“On the road again … “ ☺️


We are on the roads again.

Lou and I have been cycling the quiet, rural roads that surround the cottage. There are no stop lights, the occasional stop sign, and very little traffic. A few cars. The cottagers. A few pick up trucks. The locals. And, the occasional tractor heading to the next field.

These roads are different than cycling in the city. I use the bikeways and bike paths at home. The traffic on them is more relaxed but there are still a lot of cars, commercial trucks, and pedestrians to circumvent all times of the day. And, there is a lot of stopping, and starting.

Cycling here is safer, faster, and more enjoyable. Today, Lou and I did a 40 km loop, west to the big lake and back. I do this ride frequently. Sometimes clockwise. Other times anti-clockwise. It depends on the wind. There is always wind here. No big hills. But wind. A lot of wind. I usually head into the wind on the way out so that I have its help on the leg home. Sometimes, I never figure it out. Sometimes it feels as if it is hurting no matter what direction I’m heading. Those rides are the most taxing. Two hours of fighting a 15-20 kph headwind is exhausting, and at the same time, exhilarating.

I am here at the cottage for 6 weeks on my own. I love it. I think of my visits here as training camps. A time to build my base, lose some weight, get stronger, and faster. My solo time here is focused on cycling. I do a lot of other things. Clean. Shop. Renovate. Repair. Swim. Fish. But my days are centred around my bike rides. I train in the mornings, and if I have energy left, I’ll take on the household chores. I keep the place spotless. It’s easy. It’s just me to clean up after. I cook. A lot of fresh fruit and vegetables. Salads. Wraps. Sandwiches. Pasta. Frittatas. Veggie burgers. No sweets. No alcohol. By the end of my visits here, I’m an expert in the kitchen, more confident on the bike, and lighter.

I am usually here in the summer and fall months. This is the first time I can remember being here during the spring. It’s fascinating watching the place awaken. Leaves beginning to form on the tree branches. Geese teaching their infants to swim. And, the weather is different. Colder and wetter. On the wet days, I weight train, or take a rest day. On the cold days, the fire is on.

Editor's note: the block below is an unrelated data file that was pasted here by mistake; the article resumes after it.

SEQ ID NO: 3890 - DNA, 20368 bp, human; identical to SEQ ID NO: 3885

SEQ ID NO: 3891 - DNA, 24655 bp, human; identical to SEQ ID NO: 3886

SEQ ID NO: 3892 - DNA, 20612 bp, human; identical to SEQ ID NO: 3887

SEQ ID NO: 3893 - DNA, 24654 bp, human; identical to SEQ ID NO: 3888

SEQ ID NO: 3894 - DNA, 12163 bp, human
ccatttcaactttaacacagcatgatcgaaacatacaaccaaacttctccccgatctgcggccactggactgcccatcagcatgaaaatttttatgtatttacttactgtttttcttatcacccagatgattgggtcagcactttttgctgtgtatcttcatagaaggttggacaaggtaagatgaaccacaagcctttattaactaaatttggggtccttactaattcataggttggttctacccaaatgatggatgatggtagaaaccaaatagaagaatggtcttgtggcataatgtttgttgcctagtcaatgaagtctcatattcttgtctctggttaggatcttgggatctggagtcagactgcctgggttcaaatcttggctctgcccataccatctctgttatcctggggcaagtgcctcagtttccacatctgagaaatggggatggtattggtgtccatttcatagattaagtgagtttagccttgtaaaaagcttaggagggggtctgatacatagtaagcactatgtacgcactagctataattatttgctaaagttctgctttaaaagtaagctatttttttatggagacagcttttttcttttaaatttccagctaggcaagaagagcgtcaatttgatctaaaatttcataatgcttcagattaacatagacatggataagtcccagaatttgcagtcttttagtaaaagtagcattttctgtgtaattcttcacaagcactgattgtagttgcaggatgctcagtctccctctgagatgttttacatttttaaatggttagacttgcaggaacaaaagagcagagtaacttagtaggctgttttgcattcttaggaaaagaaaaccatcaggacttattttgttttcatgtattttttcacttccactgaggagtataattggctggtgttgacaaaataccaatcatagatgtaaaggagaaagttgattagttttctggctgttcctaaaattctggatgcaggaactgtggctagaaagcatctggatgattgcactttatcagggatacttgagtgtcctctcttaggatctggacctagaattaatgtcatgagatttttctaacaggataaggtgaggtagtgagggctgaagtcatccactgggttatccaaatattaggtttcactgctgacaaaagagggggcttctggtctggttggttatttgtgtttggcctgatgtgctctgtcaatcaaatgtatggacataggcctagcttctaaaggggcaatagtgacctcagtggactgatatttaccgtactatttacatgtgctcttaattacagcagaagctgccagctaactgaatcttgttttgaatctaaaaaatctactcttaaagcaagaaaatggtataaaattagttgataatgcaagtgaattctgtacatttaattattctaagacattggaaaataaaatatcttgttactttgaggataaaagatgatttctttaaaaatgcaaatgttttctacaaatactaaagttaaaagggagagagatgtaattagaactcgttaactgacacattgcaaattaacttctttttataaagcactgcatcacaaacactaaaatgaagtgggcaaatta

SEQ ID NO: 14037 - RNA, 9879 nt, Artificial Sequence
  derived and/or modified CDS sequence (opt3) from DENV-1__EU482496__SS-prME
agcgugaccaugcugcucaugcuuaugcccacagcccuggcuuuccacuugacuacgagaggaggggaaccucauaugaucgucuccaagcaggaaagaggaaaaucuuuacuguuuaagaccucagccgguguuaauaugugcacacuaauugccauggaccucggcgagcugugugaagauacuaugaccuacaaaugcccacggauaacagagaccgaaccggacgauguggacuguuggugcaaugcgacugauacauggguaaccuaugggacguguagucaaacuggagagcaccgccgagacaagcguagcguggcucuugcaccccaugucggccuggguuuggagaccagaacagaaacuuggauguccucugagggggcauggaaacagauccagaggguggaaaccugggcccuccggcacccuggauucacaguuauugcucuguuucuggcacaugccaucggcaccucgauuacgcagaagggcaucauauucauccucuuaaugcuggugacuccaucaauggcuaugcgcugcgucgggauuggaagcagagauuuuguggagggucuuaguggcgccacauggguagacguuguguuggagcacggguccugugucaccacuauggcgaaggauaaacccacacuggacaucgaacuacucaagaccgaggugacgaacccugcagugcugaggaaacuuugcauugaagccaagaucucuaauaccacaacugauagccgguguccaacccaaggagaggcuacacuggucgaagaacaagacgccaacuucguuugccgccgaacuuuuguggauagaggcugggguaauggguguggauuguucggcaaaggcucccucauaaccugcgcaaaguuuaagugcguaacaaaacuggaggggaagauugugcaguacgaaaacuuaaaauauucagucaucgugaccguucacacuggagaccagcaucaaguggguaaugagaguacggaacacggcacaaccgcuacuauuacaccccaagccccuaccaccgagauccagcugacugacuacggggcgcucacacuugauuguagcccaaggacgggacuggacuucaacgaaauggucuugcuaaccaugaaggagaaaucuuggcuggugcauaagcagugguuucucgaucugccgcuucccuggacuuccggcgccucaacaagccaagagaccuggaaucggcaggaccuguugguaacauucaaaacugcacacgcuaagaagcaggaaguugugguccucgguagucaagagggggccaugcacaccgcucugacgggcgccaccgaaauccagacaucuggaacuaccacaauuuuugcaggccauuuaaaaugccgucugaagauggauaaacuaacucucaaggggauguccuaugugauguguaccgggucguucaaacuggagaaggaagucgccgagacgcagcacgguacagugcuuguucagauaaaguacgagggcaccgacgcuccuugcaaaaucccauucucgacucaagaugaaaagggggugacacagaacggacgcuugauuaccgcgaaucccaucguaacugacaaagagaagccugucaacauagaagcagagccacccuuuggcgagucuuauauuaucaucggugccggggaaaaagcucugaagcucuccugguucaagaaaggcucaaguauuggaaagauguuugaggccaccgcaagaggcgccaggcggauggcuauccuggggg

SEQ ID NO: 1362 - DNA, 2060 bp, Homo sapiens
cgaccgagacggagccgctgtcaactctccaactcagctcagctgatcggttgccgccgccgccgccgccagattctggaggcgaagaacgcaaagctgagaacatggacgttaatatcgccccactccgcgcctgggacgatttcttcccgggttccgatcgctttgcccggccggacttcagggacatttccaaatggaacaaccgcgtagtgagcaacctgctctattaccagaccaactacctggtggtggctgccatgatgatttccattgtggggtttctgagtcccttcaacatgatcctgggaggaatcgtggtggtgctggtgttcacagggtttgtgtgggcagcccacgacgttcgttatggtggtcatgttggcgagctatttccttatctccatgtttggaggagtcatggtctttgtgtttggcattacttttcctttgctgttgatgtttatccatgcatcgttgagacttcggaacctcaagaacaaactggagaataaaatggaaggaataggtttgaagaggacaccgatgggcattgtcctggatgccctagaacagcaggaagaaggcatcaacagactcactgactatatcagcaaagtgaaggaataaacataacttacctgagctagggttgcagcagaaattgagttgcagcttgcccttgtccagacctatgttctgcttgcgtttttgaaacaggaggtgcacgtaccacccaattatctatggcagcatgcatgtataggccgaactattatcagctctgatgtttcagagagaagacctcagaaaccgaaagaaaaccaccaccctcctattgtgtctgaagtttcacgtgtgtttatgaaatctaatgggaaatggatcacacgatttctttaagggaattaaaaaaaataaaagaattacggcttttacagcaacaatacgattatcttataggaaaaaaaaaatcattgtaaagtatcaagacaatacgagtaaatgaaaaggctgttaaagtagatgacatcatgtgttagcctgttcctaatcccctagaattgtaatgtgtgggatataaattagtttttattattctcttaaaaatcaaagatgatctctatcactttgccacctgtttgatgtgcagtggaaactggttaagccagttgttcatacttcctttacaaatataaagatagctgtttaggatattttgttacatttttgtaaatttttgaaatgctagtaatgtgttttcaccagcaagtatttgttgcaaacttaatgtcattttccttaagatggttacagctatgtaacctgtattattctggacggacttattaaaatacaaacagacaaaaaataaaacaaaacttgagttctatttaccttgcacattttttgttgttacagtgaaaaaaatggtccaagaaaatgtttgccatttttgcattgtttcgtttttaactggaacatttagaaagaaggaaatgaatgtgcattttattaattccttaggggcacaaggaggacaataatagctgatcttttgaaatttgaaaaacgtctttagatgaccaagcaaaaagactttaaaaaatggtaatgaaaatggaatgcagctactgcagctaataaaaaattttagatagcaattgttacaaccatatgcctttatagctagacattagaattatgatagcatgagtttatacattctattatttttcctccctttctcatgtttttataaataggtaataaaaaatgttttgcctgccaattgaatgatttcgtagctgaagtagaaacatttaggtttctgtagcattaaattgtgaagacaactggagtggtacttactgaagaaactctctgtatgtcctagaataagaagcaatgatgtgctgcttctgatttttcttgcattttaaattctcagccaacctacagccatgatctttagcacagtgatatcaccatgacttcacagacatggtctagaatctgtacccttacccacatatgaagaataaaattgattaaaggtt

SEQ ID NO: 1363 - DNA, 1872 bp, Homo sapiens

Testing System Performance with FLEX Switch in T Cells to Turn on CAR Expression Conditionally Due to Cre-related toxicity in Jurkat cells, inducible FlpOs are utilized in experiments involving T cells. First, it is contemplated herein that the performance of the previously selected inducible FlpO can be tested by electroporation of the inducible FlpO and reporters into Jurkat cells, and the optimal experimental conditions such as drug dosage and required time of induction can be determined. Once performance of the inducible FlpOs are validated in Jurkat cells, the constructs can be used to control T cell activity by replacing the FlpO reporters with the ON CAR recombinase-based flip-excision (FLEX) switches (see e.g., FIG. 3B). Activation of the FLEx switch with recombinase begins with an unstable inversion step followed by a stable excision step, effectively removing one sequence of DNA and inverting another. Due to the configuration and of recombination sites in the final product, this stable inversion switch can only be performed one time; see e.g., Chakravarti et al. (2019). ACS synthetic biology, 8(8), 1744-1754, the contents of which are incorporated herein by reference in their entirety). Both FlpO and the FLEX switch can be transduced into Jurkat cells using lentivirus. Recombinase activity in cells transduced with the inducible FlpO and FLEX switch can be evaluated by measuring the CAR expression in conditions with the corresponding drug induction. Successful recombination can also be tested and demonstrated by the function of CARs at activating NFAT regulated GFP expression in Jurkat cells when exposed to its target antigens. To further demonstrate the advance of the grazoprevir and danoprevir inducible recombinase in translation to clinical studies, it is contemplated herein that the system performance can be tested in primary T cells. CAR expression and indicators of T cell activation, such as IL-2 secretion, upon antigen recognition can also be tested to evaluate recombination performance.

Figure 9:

This is a different experience. Spring also means more pot holes. The winter months plays havoc with these rural roads. I cycle with my head down just in case. Because there is so little traffic, the pot holes are easy to avoid. Thank goodness.

Warmer, drier weather is on the way within the week. Then, I will cycle more, and take on the outdoor projects. A canoe than needs repair and fresh paint. A floating dock that needs to be repositioned. Unusually high water has moved it away from the connecting dock by several feet. An out building that needs a coat of stain. Eaves that need to be cleaned. There is no end to them.

These projects take longer than normal to complete. There isn’t much time left following our rides. 😉

Back to the cottage … 😀

I’m heading back to the cottage for 2 months this week. As you read this, I am very likely on the way.

Growing up, my family spent most weekends, and summer holidays at the cottage where our focus was largely on the waterfront. Swimming, fishing, and water skiing occupied our time. But things have changed. I still enjoy the water. Who wouldn’t. But over the past decade, I have travelled there with a road bike, and began exploring the area by bike on roads I never knew existed. Quiet, paved, rural roads traversing the countryside beside lakes sprinkled with unpretentious cottages, newly discovered grasslands home to an extensive variety of wetland birds, and large, prosperous farms.

Yes, this is farm country nestled amongst numerous lakes.

When I head out the back door, I can choose from a variety of routes. Some longer than others. Some more difficult than others. Some by water. Some alongside farms. All are quiet. There is very little traffic. No traffic lights. Only the occasional stop sign. A few cars, and a tractor once in awhile. Mostly, it is just me, fresh country smells, spellbinding views, grazing cattle, and a few horses.

I enjoy the time alone. Actually, the more time I spend there, the more I realize how important it is to be alone. It’s therapeutic. Cathartic. Empowering. It’s an opportunity to get in touch with my thoughts, feelings, and priorities. When I am with others, no matter how much I may enjoy their company, there is always compromise, even on small matters. Like when to eat. Or, what to eat. What to do. Where to go. The list is endless. When I’m alone, my needs are simple. I cycle in the morning, eat a simple diet mostly of fresh vegetables and fruit, read a lot (there is no TV or internet), and work on the place.

There is always something to do.

When its time to return home, I’m always conflicted. I have heard it said that “home is where your heart is”. Gaius Plinius Secundus, a Roman philosopher first said this over 2,000 years ago. Imagine that. Well, my heart is at the cottage, and I never realized it until I began spending more time there alone.

The place is my refuge, personal get away, and salvation.